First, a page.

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Infertility & Reproduction Health Center

Womb for Rent: Surrogate Mothers in India

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As a guest speaker at many international infertility conferences, Patel isn't fazed by the foreigners who beat a path to her door — including clients from Taiwan, Japan, the U.S., Europe, and Australia. But she refuses to treat gay couples, revealing her deeply conservative cultural roots. "I get e-mails from gays and lesbians," she says, "some of them very well written — but I don't feel right about helping them."

The people she does feel good about helping are the local women-the surrogates — so long as they're not being coerced by their husbands or in-laws eager for a paycheck. "I must be certain it's a woman's own decision," she explains. "If there's any sign of tension or unwillingness, I spot it straightaway." Patel also helps to ensure each woman keeps control over her fee. "For example, if she wants to buy a house, we'll hold her money for her until she's ready. Or if she wants to put it in an account for her children, we'll go with her to the bank to set up the account in her name." The money gives many women their first taste of empowerment.

Achieving that financial freedom is hard work. In one of the wards, Sofia Vohra (no relation to Najima), 35, is lying in a room with three beds, an ancient ceiling fan, and wall paint that has bubbled in the heat like a nasty rash. She is about to give birth for the sixth time, to a baby she's carrying for a couple living in the U.S. She has five children of her own, a husband who's a lazy drunk, and a job crushing glass that's used in making (of all things) fortified kite string, for which she earns $25 a month. She became a surrogate for no other reason than to pay for her two daughters' dowries, an illegal — but still widely practiced — Indian marriage ritual.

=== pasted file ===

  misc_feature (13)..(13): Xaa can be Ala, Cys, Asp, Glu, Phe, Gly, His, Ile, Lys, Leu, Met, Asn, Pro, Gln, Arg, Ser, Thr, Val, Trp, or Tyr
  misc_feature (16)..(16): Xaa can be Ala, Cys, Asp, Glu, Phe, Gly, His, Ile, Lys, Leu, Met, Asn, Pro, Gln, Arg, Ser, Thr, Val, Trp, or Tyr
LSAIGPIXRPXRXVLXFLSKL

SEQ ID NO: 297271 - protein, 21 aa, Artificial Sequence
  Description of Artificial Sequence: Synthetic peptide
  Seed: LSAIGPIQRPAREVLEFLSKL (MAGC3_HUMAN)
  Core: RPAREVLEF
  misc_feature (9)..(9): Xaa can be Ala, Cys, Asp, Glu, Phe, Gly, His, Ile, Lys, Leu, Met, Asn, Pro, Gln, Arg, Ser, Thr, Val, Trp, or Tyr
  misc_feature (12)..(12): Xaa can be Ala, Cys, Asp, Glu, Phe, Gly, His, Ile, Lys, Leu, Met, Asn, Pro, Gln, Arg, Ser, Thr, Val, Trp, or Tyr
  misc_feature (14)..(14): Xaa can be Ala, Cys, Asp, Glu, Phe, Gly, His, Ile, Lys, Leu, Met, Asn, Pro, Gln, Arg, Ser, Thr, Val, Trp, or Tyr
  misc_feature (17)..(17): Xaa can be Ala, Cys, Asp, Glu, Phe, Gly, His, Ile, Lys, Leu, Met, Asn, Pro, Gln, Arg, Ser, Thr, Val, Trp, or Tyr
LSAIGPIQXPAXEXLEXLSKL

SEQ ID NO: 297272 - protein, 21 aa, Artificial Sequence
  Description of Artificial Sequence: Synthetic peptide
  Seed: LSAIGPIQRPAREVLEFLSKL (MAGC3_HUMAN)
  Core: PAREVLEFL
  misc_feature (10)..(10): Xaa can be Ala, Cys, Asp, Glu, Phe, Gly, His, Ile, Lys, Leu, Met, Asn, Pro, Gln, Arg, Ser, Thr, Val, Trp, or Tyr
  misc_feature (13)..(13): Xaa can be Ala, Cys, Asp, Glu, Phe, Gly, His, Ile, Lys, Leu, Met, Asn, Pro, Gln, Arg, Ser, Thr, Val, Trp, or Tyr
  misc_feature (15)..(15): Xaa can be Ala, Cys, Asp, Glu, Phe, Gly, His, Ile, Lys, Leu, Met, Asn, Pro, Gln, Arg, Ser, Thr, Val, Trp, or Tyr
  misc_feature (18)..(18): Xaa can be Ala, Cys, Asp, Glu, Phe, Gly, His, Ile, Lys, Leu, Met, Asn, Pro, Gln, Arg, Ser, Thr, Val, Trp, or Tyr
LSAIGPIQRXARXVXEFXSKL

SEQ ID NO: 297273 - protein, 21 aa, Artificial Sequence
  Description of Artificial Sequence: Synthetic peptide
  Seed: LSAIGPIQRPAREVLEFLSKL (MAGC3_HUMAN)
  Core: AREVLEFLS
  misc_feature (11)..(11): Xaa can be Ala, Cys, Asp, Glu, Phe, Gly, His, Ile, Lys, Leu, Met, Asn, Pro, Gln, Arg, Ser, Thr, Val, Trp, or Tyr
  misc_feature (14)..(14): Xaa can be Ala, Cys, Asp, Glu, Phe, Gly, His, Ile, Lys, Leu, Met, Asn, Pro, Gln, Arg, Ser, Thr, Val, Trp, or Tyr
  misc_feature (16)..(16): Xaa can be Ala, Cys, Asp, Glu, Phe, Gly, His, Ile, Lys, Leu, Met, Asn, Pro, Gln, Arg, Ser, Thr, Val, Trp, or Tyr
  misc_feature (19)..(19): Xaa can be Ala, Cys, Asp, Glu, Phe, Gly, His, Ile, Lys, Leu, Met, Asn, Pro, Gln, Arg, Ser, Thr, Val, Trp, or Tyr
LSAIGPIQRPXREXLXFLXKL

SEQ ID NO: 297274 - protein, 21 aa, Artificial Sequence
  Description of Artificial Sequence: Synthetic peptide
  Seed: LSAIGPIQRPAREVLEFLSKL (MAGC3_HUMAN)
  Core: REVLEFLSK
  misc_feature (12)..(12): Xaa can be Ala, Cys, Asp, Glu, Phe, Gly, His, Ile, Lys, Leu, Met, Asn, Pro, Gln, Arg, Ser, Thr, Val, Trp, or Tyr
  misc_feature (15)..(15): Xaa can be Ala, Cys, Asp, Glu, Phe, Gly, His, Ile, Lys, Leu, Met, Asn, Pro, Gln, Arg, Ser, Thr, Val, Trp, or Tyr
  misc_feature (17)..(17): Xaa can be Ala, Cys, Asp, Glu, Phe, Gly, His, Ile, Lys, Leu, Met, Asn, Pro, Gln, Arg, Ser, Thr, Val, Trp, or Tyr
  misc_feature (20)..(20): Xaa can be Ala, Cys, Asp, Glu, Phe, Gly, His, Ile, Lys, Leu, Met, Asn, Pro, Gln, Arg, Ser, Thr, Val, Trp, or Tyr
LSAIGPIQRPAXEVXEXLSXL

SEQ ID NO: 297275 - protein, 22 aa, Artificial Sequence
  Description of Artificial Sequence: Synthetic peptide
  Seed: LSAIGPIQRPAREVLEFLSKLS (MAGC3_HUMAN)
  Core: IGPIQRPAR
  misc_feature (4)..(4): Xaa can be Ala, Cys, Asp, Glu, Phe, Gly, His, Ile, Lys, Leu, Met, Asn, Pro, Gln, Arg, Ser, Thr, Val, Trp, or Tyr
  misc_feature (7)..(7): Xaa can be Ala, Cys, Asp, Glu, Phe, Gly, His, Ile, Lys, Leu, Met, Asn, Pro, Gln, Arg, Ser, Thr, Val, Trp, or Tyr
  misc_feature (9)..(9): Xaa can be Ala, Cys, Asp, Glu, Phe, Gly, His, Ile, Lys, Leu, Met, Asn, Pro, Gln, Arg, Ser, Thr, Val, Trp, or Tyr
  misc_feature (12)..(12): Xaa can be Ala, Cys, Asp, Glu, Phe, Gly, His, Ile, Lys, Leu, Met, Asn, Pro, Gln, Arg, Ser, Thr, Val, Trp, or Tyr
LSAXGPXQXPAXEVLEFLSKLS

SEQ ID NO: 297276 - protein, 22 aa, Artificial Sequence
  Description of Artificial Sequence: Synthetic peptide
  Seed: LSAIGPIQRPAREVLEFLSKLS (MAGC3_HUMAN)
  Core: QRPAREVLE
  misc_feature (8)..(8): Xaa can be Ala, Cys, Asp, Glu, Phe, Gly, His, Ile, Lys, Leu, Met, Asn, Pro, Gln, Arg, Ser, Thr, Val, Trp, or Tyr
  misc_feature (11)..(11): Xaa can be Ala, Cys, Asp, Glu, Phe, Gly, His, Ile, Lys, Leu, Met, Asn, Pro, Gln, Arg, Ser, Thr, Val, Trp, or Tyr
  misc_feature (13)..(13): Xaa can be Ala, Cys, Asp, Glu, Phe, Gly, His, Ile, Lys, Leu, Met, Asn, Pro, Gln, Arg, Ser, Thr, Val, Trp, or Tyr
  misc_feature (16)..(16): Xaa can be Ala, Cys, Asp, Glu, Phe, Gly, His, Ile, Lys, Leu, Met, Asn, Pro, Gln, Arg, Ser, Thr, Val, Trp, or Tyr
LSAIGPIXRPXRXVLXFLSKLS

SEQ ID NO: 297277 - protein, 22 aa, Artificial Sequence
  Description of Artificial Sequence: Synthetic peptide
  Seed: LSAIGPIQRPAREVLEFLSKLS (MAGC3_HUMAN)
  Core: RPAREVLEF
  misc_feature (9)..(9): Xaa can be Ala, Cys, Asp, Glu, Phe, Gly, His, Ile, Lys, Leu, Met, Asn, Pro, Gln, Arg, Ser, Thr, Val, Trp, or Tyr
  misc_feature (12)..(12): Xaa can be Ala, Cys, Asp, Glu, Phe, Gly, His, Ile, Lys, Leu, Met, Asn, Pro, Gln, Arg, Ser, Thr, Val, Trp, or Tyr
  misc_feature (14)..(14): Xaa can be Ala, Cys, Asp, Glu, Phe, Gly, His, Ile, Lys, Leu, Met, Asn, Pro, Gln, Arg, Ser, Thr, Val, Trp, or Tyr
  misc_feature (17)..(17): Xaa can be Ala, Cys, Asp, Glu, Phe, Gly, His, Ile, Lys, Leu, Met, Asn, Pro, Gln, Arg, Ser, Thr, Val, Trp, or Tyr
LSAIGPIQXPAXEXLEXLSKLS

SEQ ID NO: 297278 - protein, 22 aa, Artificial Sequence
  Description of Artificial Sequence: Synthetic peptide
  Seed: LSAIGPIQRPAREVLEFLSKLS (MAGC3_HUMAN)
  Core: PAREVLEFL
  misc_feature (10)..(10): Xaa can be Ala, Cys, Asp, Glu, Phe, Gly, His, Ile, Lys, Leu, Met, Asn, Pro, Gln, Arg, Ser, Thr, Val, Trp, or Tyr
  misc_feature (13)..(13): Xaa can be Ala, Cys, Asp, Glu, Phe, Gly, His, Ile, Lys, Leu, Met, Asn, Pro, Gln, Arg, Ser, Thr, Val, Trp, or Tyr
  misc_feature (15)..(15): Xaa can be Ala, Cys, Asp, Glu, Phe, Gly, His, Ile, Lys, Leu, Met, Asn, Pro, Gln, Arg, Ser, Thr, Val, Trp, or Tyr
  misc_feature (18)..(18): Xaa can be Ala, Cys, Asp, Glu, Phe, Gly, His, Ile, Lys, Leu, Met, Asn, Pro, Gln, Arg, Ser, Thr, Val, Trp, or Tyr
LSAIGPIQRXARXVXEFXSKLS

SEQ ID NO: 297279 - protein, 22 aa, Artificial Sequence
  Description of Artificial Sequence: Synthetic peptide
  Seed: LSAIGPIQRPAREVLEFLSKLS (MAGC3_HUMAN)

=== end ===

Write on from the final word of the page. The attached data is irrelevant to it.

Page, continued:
"I'll be glad when this is over," she says, as Patel places a stethoscope on her ballooning brown stomach. "It's exhausting being pregnant again." Then, in case her complaints are misunderstood, she quickly adds, "This is not exploitation. Crushing glass for 15 hours a day is exploitation. The baby's parents have given me a chance to make good marriages for my daughters. That's a big weight off my mind."

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